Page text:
Toyota July Sales Down 11 Percent, Honda Down 17 Percent

Edward Niedermeyer
by Edward Niedermeyer

Toyota‘s Yaris and Corolla models did not receive much in the way of a sales boost from the government’s cash for clunkers program, recording 36 percent and 14 percent declines respectively. Nor did Honda‘s Fit, which slid 28 percent to 8,876. Prius, however, did. America’s hybrid grew its sales by 30 percent compared to last July. It also creamed Honda’s competing Insight, 19,173 to 2,295. Prius alone now sells as well as Buick, Cadillac and Saturn combined. Hail to the king, baby.

But Toyota needs to nurse that feel-good, because it doesn’t make up for the fact that the rest of its car results are still in shambles. Scion, in particular, could have won big from Cash for Clunkers, but Scions sell on individuality, not value. As a result, xB is down 44 percent to 2,838 units, the tC is down 60 percent to 1,939 and the xD is down three percent to 1,976. Camry is off about 20 percent, Venza is launching slowly (like almost all large CUVs) at 5,780 units and Avalon is down to just under 2,000 units.

RAV-4 has been leading Toyota’s trucks-n-utes, and was up 32.5 percent to 15,912 units. But in July the biggest story was probably the Highlander, which lept 39 percent to 9,40. Sienna survived with a 19 point drop, but everything else was off by between 26 percent (Land Cruiser) and 75 percent (FJ Cruiser).

Civic was the only Honda car to see a clunker-led rally, up 3.1 percent to 30,037. Accord is down 28 percent to 29,974. On the “truck” front, Honda’s CR-V continues to be the only reliable performer, up ten percent to 19,151. From there things go from bad (Pilot: 6,340, -15.3 percent) to worse (Odyssey: 6,785, -48 percent).

Lexus cars are in freefall, with even the usually-solid ES and IS dropping by 21 and 15 percent respectively. LS and GS barely register at 874 and 551 units each. RX is up ten percent to 7,811 units, but GX (587) and LX (215) are almost completely off the radar.

Acura is hardly any better off. TL dropped by a mere 16.5 percent, but TSX fell over 35 percent to just 2,232 units. RL inspired 131 sales. MDX fell “only” 29 percent to 2,471, but RDX is dead on its feet with only 519 sales.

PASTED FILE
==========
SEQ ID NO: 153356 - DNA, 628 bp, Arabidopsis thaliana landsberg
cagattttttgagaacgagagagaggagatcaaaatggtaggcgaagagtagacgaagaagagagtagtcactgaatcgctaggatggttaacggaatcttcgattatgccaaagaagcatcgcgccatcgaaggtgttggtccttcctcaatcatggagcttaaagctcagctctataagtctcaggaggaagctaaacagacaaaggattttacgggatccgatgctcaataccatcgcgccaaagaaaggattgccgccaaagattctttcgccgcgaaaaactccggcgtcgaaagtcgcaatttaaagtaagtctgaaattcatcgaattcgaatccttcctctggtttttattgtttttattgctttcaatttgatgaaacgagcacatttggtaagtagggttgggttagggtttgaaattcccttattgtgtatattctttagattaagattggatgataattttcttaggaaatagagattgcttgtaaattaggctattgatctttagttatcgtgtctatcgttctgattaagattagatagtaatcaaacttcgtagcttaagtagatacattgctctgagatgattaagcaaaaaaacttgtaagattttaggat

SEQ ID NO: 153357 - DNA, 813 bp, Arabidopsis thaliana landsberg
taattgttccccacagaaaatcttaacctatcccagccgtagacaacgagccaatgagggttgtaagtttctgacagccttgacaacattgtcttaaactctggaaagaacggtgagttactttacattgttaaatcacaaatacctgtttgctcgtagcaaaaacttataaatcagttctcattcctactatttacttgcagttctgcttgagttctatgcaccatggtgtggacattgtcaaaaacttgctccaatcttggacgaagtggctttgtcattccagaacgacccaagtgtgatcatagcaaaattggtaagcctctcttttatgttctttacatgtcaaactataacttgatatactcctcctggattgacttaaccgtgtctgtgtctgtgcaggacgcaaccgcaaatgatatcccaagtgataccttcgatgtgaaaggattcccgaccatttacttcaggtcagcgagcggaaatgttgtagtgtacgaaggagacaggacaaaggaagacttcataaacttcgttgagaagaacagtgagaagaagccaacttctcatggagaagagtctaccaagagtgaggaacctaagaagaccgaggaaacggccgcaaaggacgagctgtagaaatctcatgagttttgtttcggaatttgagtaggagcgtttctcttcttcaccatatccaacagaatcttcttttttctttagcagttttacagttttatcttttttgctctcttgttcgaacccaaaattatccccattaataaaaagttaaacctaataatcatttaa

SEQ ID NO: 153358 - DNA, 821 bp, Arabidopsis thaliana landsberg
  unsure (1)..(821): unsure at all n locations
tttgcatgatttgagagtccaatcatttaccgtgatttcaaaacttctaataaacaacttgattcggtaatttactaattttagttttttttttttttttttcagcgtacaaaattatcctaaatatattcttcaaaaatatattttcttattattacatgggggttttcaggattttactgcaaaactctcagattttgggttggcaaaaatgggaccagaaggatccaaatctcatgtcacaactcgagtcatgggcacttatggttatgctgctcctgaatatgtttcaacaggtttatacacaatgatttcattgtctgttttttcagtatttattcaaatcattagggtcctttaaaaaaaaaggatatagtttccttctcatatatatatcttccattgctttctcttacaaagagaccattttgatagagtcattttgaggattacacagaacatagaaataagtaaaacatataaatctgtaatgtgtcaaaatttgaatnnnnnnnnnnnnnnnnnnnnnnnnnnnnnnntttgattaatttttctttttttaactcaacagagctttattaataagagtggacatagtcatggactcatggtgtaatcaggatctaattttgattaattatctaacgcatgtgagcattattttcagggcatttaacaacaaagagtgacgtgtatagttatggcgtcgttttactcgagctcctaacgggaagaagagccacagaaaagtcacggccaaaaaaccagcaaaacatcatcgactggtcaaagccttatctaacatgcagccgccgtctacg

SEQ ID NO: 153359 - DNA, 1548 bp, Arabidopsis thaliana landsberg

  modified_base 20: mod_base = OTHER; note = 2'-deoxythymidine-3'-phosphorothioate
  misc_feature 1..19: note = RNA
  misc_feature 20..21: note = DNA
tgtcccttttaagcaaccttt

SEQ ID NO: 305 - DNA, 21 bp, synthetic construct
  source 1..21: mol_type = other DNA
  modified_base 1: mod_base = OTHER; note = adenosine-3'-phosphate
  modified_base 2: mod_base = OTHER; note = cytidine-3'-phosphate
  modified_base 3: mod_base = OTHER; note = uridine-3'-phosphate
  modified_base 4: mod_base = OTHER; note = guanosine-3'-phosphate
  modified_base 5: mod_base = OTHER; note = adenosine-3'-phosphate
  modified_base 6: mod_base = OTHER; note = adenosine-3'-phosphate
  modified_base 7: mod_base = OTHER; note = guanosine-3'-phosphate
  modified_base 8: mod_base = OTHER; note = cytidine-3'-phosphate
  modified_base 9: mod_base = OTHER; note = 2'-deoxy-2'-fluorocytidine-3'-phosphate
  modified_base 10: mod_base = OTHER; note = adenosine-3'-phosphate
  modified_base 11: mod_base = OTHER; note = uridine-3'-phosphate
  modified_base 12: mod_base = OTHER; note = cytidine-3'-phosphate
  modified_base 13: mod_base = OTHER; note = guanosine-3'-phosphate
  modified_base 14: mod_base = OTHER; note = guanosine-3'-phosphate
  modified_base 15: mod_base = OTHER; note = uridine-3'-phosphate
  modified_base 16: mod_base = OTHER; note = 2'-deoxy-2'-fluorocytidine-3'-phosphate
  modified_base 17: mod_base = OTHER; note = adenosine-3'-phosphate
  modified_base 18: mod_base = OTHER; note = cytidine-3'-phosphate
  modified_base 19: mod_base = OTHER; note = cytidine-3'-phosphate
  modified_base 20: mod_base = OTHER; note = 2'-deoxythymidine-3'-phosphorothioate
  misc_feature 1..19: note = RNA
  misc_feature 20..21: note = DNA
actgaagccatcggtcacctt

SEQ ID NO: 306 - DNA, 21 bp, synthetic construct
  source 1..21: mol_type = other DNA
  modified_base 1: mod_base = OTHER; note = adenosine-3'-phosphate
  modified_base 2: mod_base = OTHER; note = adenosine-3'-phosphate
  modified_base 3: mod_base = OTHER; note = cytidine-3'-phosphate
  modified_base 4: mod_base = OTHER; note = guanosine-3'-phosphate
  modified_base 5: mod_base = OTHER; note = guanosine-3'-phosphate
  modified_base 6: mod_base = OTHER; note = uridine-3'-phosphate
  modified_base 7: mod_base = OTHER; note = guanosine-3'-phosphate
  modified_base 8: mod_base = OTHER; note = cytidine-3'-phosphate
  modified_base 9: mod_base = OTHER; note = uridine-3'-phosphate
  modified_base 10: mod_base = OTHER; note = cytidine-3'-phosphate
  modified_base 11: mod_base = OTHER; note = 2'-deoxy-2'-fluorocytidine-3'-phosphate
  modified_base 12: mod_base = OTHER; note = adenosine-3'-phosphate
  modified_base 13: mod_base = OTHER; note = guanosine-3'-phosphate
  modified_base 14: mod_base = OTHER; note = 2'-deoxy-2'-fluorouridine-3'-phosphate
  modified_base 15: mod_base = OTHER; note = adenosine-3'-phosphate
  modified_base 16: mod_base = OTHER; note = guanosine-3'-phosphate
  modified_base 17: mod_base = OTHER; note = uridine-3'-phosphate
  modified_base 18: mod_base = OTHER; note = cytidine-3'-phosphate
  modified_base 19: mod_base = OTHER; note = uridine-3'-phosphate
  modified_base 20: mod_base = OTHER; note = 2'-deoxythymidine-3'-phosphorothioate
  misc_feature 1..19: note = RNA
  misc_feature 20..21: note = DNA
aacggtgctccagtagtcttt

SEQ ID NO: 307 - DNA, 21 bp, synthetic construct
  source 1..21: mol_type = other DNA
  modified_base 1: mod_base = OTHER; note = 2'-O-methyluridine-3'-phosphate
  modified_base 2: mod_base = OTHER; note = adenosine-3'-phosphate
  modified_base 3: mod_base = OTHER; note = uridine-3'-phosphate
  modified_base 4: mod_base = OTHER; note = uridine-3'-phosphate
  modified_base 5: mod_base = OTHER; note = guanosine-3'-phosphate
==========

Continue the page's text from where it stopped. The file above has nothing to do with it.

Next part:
Edward Niedermeyer
Edward Niedermeyer

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  • Psarhjinian Psarhjinian on Aug 04, 2009

    I don't think the Accord is bloated per se, not when you consider that it's within an inch or so of most of the rest of the class. If you want the more svelte, feature-reduced Accord of yesteryear, Honda will happily sell you a Civic. Honda has simply moved the Accord up to a size class it never had an entrant in during previous years. I don't see this is a problem, unless we're hung up on the Accord nameplate. If it bothers you that it's gotten large, pry the nameplate off a Caprice and stick it on the bacl

  • Kcflynn Kcflynn on Aug 04, 2009

    Looks from these numbers that Acura is in trouble. I understand the 2010 MDX introduction has been delayed for several months because U.S. parts suppliers have been affected by the bankruptcy of GM. Seems like they share the same suppliers. So if Acura isn't getting a bounce from the C4C program...where will it be in October?

  • Lou_BC Too much money.
  • Lou_BC "The Cannonball Run" "The Gumball Rally""Corvette Summer""Duel""Gone in 60 Seconds"
  • Wjtinfwb I really don't care about charging stations, EVs, their drivers or the issues that seem to plague them and the ownership experience. My use case requires much better range and fueling options than what EVs offer, at least current state. If an EV works for you, great. It doesn't work for me and that's OK as well. hat I object to however, is the Government involvement in a personal use decision and trying to force a technology into widespread adoption when it and its support network is clearly not ready. I also object to Federal dollars, gleaned from the taxpayers being used to subsidize this nascent technology and most importantly, I object to the gaslighting by the Administration that tries to convince consumers that range isn't an issue. Recharging isn't an issue. Cold weather isn't an issue. Fires aren't an issue. The ownership experience disappointment is validated by the poor resale value of EV's and the McKinsey report that states that 50% of EV owners plan to switch back to a gas powered vehicle. I don't have the disposable income to make a 40k mistake and take a beating on getting rid of it. But again, if it works for you, that's what matters. Cheers.
  • MKizzy The top executives of many of the Fortune 500 companies support GOP candidates with their votes and donations while happily filling their corporate coffers with Progressive dollars. Unlike Musk however, they're smart enough to at least try to keep it to themselves. Perhaps Musk's political openness combined with his seemingly declining interest in Tesla is a sign he'll abandon Tesla by the end of the decade.
  • Jpolicke I don't know of any gas stations with a single pump.